Executive Briefings

FedEx Freight Chief Lauds Advances in Technology, But Says Big Problems Remain

Even in a down economy, transportation providers are working to improve service levels through new technology. Safety is one area where significant progress is being made, according to Douglas G. Duncan, president and chief executive officer of FedEx Freight Corp. Speaking in San Diego, Calif. at the annual meeting of the Transportation & Logistics Council Inc., he pointed to the use of collision-avoidance systems, utilizing Doppler radar, on every new tractor acquired by the company. Improved dock lighting and anti-rollover devices have further reduced accidents. But the biggest innovation in trucking, according to Duncan, might be the use of the so-called black box-an onboard recorder that monitors every aspect of operations, with the help of satellite communications and radio frequency identification (RFID) tags. "We believe it's the wave of the future," he said. In the area of "green" initiatives, FedEx Freight hopes to convert most of its pickup and delivery fleet to electricity through plug-in technology. Solar power will provide at least half of the energy needs at hub facilities in Whittier and Fontana, Calif. The Oakland, Calif., hub of FedEx Express already runs on solar, he noted.

At the same time, said Duncan, the trucking industry faces some serious challenges. Spending on transportation infrastructure is not keeping pace with current needs, let alone projected growth in traffic. "We are not adding infrastructure capacity in any meaningful form and have not for 20 years." By 2020, he added, there will be twice as many cars and trucks on the nation's highways. The impact will be felt first in the supply chain, in the form of congestion, delayed shipments and higher costs for shippers. The worsening situation has already begun to offset many of the productivity gains achieved by logistics professionals over the last two decades, Duncan said. Yet legislators continue to view growing congestion as "an inconvenience, not a restraint of commerce." He called for planners and lawmakers to approach the problem from a multimodal perspective. "We need to coordinate the approach of all modes and include the customer," he said. Duncan also cited energy security and sustainability as issues that must be tackled. Since 1998, he noted, energy costs as a percentage of gross domestic product have doubled. He urged adoption of a national energy policy that would reduce the nation's dependence on fossil fuels, especially oil.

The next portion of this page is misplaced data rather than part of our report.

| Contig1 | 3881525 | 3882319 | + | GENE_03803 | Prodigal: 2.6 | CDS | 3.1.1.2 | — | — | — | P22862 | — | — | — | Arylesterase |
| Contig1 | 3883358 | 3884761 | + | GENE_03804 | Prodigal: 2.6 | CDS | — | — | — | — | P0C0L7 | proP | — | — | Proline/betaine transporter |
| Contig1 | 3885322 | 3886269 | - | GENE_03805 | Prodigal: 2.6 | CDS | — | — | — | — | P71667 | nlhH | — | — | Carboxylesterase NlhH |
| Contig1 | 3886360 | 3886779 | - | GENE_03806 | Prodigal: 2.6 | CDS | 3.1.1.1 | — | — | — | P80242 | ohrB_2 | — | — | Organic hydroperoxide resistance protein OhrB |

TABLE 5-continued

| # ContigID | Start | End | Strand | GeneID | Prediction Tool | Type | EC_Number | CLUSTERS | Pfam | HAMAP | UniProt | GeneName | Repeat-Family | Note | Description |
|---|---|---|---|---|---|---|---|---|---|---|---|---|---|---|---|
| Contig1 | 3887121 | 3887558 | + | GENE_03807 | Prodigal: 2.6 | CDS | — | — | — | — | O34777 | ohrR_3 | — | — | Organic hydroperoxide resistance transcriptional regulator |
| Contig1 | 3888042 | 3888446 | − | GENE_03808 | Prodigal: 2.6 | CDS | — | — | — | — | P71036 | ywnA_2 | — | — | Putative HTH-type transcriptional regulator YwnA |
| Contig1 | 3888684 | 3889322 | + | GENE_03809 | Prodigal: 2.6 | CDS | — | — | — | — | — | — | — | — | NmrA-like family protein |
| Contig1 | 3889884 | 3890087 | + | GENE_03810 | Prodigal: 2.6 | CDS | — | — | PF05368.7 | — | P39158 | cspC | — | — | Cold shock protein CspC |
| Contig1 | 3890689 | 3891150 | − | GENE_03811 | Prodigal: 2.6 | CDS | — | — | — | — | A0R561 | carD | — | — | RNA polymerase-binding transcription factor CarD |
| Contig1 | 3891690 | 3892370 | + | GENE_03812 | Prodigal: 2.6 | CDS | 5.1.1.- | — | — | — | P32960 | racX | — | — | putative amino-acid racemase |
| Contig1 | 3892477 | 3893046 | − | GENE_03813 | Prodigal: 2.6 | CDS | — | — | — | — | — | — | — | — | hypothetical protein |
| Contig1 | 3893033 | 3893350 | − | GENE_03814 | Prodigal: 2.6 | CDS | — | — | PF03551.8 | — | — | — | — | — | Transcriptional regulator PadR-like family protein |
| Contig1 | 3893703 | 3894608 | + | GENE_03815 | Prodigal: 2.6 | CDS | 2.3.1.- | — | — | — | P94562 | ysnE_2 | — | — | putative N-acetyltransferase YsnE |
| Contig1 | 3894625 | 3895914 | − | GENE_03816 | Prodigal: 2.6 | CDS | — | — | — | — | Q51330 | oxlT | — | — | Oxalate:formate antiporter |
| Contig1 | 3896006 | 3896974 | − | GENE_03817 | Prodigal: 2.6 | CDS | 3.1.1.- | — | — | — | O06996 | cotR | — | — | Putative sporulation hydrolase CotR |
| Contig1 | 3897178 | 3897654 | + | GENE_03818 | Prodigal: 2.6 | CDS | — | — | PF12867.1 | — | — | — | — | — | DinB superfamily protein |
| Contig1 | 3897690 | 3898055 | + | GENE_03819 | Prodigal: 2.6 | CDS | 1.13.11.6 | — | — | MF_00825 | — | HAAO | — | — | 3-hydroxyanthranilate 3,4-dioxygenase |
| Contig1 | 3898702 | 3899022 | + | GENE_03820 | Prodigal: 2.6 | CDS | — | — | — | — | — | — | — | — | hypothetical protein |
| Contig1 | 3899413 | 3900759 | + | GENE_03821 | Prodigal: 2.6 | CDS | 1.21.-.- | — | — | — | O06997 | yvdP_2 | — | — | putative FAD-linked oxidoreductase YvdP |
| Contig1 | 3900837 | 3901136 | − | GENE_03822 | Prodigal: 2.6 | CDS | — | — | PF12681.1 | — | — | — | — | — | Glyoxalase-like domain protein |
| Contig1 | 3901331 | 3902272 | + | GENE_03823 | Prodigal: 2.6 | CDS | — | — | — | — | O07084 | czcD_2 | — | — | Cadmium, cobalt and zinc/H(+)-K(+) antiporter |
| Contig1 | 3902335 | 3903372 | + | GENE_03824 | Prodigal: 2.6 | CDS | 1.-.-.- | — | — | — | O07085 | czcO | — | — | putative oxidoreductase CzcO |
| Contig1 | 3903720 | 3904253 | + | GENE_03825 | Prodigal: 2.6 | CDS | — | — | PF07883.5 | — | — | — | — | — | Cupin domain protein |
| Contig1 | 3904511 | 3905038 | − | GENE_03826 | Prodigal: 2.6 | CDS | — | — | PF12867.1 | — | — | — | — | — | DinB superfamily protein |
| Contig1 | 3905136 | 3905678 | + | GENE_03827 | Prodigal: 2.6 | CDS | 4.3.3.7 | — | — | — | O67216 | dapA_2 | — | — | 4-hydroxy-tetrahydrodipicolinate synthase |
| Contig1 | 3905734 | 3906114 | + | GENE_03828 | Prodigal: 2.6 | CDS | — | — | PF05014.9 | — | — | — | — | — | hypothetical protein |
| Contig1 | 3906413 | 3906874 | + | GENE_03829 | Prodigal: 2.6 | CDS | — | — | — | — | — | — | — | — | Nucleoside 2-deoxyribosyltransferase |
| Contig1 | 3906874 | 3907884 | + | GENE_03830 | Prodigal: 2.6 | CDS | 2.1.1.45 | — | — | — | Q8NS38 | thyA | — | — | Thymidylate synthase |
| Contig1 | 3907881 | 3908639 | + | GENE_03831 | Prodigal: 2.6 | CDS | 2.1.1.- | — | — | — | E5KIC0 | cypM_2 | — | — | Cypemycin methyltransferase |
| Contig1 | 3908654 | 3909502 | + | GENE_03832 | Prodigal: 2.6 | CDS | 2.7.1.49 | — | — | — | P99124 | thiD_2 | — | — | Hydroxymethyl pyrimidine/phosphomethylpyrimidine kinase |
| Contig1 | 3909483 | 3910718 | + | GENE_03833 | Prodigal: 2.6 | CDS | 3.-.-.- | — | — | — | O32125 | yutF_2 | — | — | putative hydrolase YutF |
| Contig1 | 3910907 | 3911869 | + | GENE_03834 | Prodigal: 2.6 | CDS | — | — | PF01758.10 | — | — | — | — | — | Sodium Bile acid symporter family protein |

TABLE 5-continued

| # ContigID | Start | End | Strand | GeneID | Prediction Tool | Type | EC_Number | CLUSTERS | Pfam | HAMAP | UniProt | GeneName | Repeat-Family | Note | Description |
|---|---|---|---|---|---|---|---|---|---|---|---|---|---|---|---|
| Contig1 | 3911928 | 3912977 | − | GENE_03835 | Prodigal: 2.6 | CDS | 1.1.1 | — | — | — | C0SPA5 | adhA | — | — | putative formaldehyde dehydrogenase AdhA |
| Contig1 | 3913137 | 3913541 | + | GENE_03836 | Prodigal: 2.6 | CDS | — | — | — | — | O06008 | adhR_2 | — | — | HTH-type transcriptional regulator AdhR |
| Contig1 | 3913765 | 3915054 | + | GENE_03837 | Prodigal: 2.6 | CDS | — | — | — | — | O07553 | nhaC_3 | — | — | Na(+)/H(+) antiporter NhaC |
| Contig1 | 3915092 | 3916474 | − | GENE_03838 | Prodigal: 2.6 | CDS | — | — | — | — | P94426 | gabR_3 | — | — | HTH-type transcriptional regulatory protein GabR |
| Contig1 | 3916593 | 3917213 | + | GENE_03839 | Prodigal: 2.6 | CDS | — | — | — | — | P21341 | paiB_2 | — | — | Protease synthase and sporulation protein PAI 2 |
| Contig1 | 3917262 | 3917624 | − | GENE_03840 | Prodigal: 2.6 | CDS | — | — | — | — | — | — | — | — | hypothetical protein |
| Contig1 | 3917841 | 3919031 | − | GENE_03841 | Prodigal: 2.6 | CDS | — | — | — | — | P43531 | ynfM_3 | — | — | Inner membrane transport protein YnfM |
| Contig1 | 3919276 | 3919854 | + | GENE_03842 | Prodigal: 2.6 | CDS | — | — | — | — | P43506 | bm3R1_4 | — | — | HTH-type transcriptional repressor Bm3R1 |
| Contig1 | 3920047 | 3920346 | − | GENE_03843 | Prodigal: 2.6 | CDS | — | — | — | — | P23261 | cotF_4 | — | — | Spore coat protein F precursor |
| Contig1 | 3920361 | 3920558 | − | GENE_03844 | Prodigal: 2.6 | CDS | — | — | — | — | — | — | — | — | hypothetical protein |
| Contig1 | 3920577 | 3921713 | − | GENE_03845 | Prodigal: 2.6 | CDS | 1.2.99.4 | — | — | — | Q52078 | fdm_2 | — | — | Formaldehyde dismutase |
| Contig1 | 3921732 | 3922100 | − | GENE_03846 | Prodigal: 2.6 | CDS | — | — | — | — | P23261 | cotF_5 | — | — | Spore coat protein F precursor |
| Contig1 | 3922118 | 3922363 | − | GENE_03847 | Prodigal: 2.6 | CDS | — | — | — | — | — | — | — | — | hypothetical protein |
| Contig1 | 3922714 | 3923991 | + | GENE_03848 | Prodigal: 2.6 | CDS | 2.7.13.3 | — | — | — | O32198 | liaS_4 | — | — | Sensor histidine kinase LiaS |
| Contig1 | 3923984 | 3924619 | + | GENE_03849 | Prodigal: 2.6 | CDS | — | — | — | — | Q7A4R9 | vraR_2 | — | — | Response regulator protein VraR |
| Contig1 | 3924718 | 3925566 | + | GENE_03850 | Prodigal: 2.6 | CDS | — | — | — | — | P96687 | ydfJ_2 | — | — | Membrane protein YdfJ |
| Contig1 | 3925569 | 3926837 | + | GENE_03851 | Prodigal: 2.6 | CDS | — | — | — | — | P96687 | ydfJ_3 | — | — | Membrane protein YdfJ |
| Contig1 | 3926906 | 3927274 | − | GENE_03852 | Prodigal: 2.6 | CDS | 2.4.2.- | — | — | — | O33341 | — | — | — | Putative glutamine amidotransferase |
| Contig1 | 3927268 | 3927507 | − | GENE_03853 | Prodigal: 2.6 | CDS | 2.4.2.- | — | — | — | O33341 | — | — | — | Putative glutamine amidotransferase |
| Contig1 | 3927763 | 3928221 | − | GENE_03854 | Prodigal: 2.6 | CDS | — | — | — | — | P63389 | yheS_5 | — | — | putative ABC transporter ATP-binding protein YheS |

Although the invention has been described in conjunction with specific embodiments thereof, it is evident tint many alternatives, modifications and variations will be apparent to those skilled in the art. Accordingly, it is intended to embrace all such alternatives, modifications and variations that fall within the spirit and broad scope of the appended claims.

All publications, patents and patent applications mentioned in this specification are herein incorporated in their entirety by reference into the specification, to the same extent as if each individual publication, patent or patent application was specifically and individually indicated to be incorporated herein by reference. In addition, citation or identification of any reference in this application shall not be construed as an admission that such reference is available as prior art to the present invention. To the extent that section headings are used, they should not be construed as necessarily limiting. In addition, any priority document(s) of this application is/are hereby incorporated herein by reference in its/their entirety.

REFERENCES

Visit www.fedexfreight.com

Even in a down economy, transportation providers are working to improve service levels through new technology. Safety is one area where significant progress is being made, according to Douglas G. Duncan, president and chief executive officer of FedEx Freight Corp. Speaking in San Diego, Calif. at the annual meeting of the Transportation & Logistics Council Inc., he pointed to the use of collision-avoidance systems, utilizing Doppler radar, on every new tractor acquired by the company. Improved dock lighting and anti-rollover devices have further reduced accidents. But the biggest innovation in trucking, according to Duncan, might be the use of the so-called black box-an onboard recorder that monitors every aspect of operations, with the help of satellite communications and radio frequency identification (RFID) tags. "We believe it's the wave of the future," he said. In the area of "green" initiatives, FedEx Freight hopes to convert most of its pickup and delivery fleet to electricity through plug-in technology. Solar power will provide at least half of the energy needs at hub facilities in Whittier and Fontana, Calif. The Oakland, Calif., hub of FedEx Express already runs on solar, he noted.

At the same time, said Duncan, the trucking industry faces some serious challenges. Spending on transportation infrastructure is not keeping pace with current needs, let alone projected growth in traffic. "We are not adding infrastructure capacity in any meaningful form and have not for 20 years." By 2020, he added, there will be twice as many cars and trucks on the nation's highways. The impact will be felt first in the supply chain, in the form of congestion, delayed shipments and higher costs for shippers. The worsening situation has already begun to offset many of the productivity gains achieved by logistics professionals over the last two decades, Duncan said. Yet legislators continue to view growing congestion as "an inconvenience, not a restraint of commerce." He called for planners and lawmakers to approach the problem from a multimodal perspective. "We need to coordinate the approach of all modes and include the customer," he said. Duncan also cited energy security and sustainability as issues that must be tackled. Since 1998, he noted, energy costs as a percentage of gross domestic product have doubled. He urged adoption of a national energy policy that would reduce the nation's dependence on fossil fuels, especially oil.

Visit www.fedexfreight.com